Because I think a lot of times beer is involved with memories we have of friends and family, right? It’s that indirect association. They tap into that emotion, and it supports that positive brand association.

Demian: Exactly, and that’s what many companies, including Budweiser do. They make the point “when you buy our products, you are part of this bigger thing.”

People want to associate with this appeal of the Clydesdales. The Clydesdales have been with Budweiser forever, and so there is that history there, that tradition.

Here’s a little cultural fact for you: Budweiser is here in St. Louis, and before they were bought out by InBev, August Busch, the former CEO of Anheuser-Busch, came up with the “whassup.”

Jerod: Whasuuuuuup! (Laughs)

Demian: Whasuuuuuup! There you go! He came up with that, and that’s the goofiest thing you’ve ever heard, but it started something, right? It went viral, and people associate it with Budweiser.

Jerod: (Chuckles) Yeah.

Demian: So again, it’s this idea of keying into and understanding who your audience is. The same guy also came up with the bullfrog one.

Jerod: Bud … weis … er.

Demian: That’s right! You’re great today, man.

Jerod: Those commercials are classic. Budweiser has a lot of them.

Demian: They create empathy and people who buy the beer associate those concepts with Budweiser.

But now Budweiser has distanced themselves away from that and moved more toward the traditional family and responsibility. The Clydesdale commercial reminds me of the Ram truck one about why God made a farmer, which has almost the same type of appeal.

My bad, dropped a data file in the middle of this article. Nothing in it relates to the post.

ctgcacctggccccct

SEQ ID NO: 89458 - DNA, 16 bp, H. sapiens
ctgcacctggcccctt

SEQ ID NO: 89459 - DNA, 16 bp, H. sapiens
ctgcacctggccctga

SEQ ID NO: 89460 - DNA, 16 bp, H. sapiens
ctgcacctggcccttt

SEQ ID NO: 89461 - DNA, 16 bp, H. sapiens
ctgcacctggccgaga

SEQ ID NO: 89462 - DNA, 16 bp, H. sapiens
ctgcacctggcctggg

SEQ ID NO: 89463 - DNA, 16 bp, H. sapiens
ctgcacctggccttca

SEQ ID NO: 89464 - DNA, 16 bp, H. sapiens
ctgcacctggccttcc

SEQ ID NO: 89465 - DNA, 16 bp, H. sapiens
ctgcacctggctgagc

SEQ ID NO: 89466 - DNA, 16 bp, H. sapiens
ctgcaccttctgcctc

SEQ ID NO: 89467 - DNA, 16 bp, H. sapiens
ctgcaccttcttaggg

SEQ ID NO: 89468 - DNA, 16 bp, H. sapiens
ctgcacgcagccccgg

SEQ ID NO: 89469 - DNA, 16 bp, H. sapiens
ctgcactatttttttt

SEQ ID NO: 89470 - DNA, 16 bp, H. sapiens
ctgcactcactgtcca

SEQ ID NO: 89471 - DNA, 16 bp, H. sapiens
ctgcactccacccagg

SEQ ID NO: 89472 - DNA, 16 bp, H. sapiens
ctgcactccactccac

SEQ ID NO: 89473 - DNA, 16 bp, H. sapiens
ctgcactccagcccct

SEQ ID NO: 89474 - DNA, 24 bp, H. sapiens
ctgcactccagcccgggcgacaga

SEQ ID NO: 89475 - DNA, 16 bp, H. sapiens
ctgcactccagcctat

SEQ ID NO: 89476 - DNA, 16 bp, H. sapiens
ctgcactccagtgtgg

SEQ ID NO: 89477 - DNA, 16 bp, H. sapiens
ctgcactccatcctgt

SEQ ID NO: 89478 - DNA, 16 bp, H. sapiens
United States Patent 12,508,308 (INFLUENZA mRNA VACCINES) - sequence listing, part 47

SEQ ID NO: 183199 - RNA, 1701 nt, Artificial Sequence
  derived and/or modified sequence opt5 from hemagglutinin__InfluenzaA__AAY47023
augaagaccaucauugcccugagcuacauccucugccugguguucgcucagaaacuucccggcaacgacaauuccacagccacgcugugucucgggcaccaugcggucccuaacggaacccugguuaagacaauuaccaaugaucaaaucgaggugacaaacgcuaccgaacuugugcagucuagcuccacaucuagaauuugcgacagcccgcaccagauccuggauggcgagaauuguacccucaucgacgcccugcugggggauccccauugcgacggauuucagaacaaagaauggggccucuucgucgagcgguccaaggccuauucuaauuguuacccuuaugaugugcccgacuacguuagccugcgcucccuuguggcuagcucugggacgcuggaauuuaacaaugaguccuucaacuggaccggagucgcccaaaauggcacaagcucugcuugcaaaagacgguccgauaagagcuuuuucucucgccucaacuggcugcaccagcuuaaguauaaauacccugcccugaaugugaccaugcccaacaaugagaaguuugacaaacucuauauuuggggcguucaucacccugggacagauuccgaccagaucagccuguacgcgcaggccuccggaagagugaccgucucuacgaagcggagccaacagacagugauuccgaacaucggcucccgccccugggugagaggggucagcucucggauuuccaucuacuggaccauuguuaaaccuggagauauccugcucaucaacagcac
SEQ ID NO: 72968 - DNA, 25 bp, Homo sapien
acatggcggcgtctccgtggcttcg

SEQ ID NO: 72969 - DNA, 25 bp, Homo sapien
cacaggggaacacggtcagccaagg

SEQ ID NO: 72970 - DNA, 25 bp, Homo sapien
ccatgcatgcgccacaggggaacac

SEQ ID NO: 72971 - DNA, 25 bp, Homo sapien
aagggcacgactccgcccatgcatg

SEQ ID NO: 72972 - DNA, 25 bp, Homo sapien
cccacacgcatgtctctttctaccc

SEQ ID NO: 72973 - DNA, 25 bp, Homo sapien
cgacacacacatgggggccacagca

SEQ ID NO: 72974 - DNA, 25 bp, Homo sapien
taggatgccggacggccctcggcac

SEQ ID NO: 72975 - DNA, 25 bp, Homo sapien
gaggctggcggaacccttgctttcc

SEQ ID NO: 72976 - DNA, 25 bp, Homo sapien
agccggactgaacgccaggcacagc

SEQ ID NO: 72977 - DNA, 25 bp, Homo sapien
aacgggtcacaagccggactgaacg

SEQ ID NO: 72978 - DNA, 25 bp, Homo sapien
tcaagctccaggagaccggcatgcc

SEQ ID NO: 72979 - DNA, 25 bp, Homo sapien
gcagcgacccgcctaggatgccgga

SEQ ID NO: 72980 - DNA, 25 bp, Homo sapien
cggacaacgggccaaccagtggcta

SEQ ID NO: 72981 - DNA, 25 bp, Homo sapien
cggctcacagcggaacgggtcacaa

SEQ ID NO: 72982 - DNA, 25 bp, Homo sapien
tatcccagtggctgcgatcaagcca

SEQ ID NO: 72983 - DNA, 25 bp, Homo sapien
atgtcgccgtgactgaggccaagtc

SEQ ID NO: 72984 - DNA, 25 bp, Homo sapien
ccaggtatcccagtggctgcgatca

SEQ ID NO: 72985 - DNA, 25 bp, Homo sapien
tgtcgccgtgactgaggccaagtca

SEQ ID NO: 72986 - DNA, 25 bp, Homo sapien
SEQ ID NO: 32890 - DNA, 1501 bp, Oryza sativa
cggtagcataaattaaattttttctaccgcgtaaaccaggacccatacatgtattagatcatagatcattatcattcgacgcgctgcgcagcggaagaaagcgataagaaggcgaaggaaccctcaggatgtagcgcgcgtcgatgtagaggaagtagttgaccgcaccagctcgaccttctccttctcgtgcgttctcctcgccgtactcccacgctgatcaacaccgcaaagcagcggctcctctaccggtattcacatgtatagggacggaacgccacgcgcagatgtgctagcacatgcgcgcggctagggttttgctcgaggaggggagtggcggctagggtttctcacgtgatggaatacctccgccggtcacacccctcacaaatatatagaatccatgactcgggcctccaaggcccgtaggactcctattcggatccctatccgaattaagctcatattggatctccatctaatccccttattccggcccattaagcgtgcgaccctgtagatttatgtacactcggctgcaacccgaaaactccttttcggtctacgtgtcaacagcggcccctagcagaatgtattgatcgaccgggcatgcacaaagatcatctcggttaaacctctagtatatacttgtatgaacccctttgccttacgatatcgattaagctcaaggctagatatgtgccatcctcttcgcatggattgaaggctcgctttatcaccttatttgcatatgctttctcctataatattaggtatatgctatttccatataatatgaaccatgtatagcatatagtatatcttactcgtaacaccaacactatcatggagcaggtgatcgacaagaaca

Why emotional ads outperform informational ads

Jerod: It’s funny because we’re talking about these Budweiser commercials, but here’s the thing. I don’t drink Budweiser. All of this sounds good theoretically, but does this type of advertising actually work?

Demian: That’s a great question. According to an extensive study by the World Advertising Research Center back in 2007, emotional ads outsell informational ones by about 19 percent.

Informational commercials just inform you about the product. Emotional ads, as we demonstrated beforehand, inform you, but they inform you in a way that touches your heart rather than your head.

The informational ones just hit your head.

How to use an empathy map

Jerod: Now let’s get into the nuts and bolts of empathizing in a meaningful way. There are proven processes that content marketers and audience builders can use to understand their audiences and empathize with them.

Demian: There are a number of ways. We’ve talked about worldviews and personal profiles, and another way is using an empathy map, a concept created by Dave Gray.